Power sector in Egypt
Egypt’s growing population (85m) and the increasing power demand has resulted in the power sector facing chronic shortages over the past few years. Consequently, the Egyptian government is encouraging investments in cooperation with the private sector to expand the sector’s capacity.
Egypt aims to meet a rising electricity demand of 6% per annum and to improve the quality of providing public services. It has a 2010-2020 overall plan to increase generating capacity by 30,000MW, almost doubling electricity generation. Capacity in 2010 was 26,912MW and was estimated at 29,809MW in 2012. This plan includes investments in many projects across Egypt with an annual investment cost exceeding $3bn for generation, transmission, and distribution.
Oil-fired power plants have all been converted to run on natural gas, which makes 84% of electricity generation in Egypt thermal. The remaining 16% are hydroelectric, mostly coming from the Aswan High Dam.
The Ministry of Electricity and Energy is currently seeking to obtain a financial guarantee worth 2.8 Bn USD from the Ministry of Finance for establishing the Beni Suef power station. The 2250MW station will work via the combined cycle system.
The Ministry of Electricity and Energy has announced several combined cycle projects to international companies. Two steam units in the two power stations of Ismailia and Damietta will be built to increase their capacities from 1000 to 1500MW and from 500 to 750MW, respectively. The total investment cost is estimated at $900 million.
Egypt’s Ministry of Electricity and Energy plans to establish a steam power plant in Qena with a budget of $250 million and a capacity of 1300MW via the BOO system. Another power plant is to be established in South Helwan with a capacity of 1,950MW and a budget of $1,950 million while a third power plant will be established in Samalout (an EPC project) with a net worth of $2,900 million. Its steam turbines have a capacity of 3,167MW.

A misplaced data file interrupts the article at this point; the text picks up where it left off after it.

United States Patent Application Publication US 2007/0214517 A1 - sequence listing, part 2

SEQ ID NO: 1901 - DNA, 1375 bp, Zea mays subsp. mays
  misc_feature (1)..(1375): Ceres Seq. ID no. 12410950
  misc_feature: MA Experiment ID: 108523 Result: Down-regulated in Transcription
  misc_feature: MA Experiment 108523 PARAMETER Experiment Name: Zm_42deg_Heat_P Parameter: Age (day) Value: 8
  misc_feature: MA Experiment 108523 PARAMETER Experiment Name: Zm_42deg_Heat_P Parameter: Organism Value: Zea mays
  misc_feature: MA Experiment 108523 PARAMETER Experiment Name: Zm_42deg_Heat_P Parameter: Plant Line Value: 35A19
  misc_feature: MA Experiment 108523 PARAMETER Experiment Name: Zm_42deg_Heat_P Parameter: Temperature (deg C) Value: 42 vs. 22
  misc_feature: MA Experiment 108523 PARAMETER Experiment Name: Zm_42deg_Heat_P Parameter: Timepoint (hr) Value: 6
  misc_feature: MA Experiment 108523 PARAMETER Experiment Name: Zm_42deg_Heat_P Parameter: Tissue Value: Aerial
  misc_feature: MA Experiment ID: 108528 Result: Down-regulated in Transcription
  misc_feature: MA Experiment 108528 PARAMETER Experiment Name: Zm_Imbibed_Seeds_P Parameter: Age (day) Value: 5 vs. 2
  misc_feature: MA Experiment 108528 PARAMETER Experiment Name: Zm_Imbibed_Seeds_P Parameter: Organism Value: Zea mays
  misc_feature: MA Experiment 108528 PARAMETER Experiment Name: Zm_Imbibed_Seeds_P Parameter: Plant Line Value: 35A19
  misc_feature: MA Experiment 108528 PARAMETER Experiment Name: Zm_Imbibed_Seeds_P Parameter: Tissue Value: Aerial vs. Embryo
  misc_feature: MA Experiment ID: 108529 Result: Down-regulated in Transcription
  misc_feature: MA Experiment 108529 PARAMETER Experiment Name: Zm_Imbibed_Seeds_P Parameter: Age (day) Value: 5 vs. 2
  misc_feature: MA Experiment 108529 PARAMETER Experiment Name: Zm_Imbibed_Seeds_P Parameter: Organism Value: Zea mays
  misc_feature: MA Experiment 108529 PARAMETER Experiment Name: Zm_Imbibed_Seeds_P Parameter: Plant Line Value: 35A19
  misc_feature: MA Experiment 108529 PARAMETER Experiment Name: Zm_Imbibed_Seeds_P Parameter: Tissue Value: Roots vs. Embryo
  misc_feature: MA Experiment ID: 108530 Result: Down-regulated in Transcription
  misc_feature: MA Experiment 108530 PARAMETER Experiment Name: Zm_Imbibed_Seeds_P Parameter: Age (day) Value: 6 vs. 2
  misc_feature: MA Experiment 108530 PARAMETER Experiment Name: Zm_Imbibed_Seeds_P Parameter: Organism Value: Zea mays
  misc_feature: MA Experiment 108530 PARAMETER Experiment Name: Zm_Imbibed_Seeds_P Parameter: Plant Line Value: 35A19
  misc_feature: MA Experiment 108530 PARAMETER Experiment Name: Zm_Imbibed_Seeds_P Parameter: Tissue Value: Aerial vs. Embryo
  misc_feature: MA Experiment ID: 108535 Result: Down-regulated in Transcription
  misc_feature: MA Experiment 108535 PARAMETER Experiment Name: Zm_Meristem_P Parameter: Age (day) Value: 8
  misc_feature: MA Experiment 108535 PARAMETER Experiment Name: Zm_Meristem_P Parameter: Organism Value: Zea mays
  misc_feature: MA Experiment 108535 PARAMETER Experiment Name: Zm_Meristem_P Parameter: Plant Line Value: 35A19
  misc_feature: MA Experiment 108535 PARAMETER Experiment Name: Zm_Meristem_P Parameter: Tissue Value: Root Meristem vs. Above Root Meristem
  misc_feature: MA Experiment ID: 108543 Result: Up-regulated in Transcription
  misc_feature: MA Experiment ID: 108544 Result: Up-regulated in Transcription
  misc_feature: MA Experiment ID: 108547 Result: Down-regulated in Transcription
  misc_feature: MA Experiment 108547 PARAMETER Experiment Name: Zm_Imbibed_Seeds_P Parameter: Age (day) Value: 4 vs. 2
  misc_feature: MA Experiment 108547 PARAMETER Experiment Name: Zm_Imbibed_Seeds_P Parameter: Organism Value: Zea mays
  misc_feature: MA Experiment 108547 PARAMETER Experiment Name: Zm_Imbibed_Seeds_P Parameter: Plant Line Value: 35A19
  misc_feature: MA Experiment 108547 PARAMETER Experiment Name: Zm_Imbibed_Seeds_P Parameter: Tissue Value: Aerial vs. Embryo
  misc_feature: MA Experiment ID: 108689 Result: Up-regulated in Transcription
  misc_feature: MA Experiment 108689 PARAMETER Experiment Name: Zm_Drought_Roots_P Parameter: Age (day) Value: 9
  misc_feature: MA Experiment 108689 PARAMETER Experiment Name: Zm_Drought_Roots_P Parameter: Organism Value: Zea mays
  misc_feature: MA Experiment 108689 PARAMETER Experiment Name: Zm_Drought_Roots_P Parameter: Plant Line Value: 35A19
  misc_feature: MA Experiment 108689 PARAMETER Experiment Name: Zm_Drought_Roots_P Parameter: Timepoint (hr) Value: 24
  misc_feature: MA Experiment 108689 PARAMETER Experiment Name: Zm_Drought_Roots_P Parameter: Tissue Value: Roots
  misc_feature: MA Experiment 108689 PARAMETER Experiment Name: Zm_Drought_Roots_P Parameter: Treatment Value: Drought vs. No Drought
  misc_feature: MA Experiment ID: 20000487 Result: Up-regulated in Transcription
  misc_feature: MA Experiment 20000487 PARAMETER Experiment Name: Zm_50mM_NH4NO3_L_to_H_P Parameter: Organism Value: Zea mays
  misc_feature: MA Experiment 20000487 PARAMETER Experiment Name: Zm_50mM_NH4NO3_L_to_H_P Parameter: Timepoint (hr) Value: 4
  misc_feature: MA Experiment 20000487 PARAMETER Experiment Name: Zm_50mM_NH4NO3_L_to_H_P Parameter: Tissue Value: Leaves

The EEHC will build a steam power plant in Ain El Sokhna. It is a mega project that will be built via the BOOT system. It involves 2 steam turbine generators, each with a capacity of 650MW. The budget of the project is estimated at $2,190 million and its total capacity reaches up to 1,300MW.
A Combined Cycle Power Plant will be built in North Giza via the CEPC. The project is an EPCM type of contract with a net worth of $1,900 million. The power plant will include 6 combustion turbine generators with a capacity of 250MW each and 3 steam turbine generators with a capacity of 280MW each, making the total capacity of the project 2,340MW.
In an effort to diversify its power sources, the EEHC is planning to build an energy park in Safaga that will include a coal-handling terminal. The first phase of the project is a coal-fired power generation plant in Safaga that will be the first that uses coal as feedstock. It will have a budget of $800 million and will include 2 gas turbines with a generating capacity of 650MW each. The Safaga complex will have a total generating capacity of 5000MW.